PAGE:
Devotional Thought of the Day:
And now, Israel, what does the LORD your God ask of you except to fear the LORD your God by walking in all his ways, to love him, and to worship the LORD your God with all your heart and all your soul?b13 Keep the LORD’s commands and statutes I am giving you today, for your own good. 14 The heavens, indeed the highest heavens, belong to the LORD your God, as does the earth and everything in it. 15 Yet the LORD had his heart set on your ancestors and loved them. He chose their descendants after them—he chose you out of all the peoples, as it is today. Deuteronomy 10:12=15 CSB
Ah, my Jesus, my love, my infinite good, my all, be ever welcome in the poor dwelling of my soul! Ah, my Lord, where art thou! to what a place art Thou come! Thou hast entered my heart, which is far worse than the stable in which Thou wast born; it is full of earthly affections, of self-love, and of inordinate desires. And how couldst Thou come to dwell there? I would address Thee with St. Peter: Depart from me, for I am a sinful man.1 Yes, depart from me, O Lord, for I am indeed unworthy to receive a God of infinite goodness; go and find repose in those pure souls who serve Thee with so much love. But no, my Redeemer; what do I say? Leave me not; for if Thou departest, I am lost. I embrace Thee, my life; I cling to Thee. Mad indeed have I been in having separated myself from Thee for the love of creatures; and in my ingratitude I drove Thee from me. But now I will never more separate myself from Thee, my treasure; I desire to live and die ever united to Thee.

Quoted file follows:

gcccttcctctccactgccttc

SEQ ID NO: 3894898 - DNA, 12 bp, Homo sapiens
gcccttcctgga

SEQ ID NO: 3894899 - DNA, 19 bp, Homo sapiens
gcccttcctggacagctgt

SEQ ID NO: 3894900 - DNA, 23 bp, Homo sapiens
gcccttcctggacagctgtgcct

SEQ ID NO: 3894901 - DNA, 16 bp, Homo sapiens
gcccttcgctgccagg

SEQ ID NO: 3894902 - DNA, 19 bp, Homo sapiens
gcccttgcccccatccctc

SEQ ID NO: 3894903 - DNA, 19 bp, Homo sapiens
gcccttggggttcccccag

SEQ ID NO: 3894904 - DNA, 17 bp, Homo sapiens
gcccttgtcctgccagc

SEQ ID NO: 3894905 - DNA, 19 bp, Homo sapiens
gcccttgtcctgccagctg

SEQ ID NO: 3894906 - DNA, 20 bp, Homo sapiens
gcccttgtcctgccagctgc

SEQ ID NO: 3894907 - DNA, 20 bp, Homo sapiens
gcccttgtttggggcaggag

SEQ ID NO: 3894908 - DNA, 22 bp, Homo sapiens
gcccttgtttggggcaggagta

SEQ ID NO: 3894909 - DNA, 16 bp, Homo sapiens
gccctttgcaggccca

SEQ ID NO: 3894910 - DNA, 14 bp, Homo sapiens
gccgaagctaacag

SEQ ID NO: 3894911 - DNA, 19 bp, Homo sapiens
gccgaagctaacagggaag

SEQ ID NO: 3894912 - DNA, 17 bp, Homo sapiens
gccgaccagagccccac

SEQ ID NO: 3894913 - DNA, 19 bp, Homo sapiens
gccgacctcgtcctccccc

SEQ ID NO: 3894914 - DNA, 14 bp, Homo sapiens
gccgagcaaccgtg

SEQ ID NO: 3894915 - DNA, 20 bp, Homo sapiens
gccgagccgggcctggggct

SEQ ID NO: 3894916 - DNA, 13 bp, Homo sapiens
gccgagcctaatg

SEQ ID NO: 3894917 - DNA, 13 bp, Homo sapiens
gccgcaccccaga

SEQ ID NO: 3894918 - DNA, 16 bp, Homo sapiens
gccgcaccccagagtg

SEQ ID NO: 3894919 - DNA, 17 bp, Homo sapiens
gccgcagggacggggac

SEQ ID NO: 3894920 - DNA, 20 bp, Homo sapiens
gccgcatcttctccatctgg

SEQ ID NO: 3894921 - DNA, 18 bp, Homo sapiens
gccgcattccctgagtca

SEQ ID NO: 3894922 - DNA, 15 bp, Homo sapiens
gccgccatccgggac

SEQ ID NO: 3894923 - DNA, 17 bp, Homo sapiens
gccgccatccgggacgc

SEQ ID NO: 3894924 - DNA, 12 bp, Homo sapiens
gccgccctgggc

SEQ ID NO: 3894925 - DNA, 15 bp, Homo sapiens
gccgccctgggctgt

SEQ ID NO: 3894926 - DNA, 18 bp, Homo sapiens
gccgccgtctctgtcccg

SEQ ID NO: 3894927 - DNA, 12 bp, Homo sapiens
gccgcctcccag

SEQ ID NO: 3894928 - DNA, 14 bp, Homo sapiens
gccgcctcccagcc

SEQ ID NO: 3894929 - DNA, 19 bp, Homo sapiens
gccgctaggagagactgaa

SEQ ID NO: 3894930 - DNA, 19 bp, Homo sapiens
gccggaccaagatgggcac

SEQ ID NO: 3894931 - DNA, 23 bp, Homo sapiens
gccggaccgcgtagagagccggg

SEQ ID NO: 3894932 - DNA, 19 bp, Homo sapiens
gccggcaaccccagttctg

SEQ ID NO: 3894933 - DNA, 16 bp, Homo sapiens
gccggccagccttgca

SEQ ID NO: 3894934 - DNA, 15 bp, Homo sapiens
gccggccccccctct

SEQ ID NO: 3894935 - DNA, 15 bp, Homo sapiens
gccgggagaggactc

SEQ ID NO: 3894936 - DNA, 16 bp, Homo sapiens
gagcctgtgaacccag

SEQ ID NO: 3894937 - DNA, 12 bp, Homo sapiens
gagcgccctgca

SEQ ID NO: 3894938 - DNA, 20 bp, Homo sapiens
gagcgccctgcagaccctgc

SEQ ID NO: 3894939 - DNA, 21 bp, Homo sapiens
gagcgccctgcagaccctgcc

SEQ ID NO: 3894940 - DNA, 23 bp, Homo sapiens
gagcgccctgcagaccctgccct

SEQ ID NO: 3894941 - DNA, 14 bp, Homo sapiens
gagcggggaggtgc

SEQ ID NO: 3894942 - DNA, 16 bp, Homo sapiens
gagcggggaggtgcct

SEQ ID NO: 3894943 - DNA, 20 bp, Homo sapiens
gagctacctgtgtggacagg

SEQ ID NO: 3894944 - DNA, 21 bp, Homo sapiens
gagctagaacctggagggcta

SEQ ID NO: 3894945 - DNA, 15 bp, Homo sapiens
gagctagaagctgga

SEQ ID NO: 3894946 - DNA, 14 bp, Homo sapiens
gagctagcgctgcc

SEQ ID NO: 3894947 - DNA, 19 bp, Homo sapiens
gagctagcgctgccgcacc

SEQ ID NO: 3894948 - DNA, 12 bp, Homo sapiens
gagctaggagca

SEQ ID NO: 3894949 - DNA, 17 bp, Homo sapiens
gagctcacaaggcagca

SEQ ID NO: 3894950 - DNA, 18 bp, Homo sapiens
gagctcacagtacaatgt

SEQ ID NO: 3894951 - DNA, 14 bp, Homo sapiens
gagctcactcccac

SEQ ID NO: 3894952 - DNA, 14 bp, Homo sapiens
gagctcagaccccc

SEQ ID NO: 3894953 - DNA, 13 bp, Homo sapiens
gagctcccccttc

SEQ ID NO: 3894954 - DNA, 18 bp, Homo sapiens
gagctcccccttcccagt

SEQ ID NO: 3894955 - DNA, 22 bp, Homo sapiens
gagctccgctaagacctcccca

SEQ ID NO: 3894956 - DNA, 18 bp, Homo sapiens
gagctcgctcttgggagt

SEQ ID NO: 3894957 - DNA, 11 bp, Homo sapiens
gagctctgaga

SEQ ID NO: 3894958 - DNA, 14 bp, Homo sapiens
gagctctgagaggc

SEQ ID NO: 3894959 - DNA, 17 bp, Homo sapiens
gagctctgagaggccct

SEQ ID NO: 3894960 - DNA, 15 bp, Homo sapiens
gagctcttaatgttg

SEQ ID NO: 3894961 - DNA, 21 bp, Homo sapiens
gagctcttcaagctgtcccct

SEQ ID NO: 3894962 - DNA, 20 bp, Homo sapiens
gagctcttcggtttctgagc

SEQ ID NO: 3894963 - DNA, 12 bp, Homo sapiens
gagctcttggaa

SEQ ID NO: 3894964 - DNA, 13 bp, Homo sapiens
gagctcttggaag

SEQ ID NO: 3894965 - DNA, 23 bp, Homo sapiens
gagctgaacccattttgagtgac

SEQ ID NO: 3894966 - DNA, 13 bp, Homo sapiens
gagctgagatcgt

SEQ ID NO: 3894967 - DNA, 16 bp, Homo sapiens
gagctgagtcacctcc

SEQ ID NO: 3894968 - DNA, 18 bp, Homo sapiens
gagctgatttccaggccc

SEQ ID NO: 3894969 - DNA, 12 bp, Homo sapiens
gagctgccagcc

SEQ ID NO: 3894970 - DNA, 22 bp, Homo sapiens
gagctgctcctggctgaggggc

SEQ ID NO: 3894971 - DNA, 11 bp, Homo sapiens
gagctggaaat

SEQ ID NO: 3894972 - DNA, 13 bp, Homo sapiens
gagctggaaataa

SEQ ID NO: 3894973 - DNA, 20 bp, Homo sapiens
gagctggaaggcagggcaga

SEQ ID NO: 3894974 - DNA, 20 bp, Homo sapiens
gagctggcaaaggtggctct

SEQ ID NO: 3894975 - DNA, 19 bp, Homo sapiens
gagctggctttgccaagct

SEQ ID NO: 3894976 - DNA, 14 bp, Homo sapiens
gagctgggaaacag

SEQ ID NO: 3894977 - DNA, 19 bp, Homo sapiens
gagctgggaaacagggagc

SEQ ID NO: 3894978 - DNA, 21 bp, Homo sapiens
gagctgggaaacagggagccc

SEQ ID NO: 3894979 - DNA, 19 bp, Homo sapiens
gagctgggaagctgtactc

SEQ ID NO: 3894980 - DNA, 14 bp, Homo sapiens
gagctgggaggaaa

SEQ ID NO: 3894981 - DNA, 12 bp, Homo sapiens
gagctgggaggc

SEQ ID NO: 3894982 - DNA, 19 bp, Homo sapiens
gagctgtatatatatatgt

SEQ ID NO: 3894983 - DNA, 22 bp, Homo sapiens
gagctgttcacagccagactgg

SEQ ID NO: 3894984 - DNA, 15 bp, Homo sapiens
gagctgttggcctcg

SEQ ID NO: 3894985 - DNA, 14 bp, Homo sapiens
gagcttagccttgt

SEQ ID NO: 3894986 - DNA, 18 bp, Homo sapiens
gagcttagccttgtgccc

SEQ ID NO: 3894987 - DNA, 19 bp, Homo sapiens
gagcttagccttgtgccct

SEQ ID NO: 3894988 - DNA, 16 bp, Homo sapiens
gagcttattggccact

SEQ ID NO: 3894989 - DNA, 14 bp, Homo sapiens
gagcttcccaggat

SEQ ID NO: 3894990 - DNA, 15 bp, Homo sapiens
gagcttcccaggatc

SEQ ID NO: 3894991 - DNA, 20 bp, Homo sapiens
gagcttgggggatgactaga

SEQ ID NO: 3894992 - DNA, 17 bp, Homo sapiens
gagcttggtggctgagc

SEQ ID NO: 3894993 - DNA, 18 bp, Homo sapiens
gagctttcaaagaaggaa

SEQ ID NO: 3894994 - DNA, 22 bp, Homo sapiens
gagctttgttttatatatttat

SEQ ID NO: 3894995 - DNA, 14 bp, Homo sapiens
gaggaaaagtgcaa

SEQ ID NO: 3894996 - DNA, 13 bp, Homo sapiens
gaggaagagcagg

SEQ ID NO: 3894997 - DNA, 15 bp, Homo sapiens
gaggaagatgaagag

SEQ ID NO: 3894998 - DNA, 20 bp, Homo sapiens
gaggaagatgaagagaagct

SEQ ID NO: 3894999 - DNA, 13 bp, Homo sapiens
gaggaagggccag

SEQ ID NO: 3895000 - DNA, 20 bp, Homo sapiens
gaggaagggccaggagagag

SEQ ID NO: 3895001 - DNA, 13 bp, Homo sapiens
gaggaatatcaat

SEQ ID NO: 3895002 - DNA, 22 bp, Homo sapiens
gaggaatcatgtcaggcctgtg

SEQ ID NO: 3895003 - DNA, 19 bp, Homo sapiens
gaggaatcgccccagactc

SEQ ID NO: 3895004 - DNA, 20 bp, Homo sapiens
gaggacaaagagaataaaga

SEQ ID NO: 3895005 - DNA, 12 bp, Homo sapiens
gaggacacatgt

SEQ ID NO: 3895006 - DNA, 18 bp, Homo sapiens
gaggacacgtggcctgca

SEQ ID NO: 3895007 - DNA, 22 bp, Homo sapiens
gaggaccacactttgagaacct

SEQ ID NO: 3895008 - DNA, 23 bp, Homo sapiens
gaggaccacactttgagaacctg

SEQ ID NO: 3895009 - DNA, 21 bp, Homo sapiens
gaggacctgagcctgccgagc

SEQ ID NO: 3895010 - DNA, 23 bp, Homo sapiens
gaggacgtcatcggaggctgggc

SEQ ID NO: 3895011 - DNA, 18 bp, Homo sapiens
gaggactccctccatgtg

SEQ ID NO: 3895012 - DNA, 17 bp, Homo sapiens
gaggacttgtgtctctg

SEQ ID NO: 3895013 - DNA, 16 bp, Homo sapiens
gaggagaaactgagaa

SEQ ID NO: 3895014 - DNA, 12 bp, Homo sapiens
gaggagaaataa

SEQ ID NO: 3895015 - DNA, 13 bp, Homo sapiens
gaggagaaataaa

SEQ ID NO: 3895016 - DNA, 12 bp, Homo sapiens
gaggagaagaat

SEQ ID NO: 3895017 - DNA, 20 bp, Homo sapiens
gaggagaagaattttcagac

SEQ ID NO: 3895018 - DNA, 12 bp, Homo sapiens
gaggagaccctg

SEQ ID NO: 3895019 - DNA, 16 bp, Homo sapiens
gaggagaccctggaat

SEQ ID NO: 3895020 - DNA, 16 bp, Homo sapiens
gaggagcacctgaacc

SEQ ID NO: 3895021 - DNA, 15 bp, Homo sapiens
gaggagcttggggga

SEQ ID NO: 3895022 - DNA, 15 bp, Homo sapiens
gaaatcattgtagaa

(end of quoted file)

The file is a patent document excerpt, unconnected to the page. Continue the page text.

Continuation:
“It’s very difficult for a man to believe that God is gracious to him. The human heart can’t grasp this. What happened in my case? I was once terrified by the sacrament which Dr. Staupitz carried in a procession in Eisleben on the feast of Corpus Christi.47 I went along in the procession and wore the dress of a priest. Afterward I made confession to Dr. Staupitz, and he said to me, ‘Your thought is not of Christ.’ With this word he comforted me well.
This is the way we are. Christ offers himself to us together with the forgiveness of sins, and yet we flee from his face.
Ours is a joy not born from having many possessions, but from having encountered in our midst a Person: Jesus who never leaves us alone in difficult moments, and is all the more present when problems seem unbearable and obstacles insurmountable.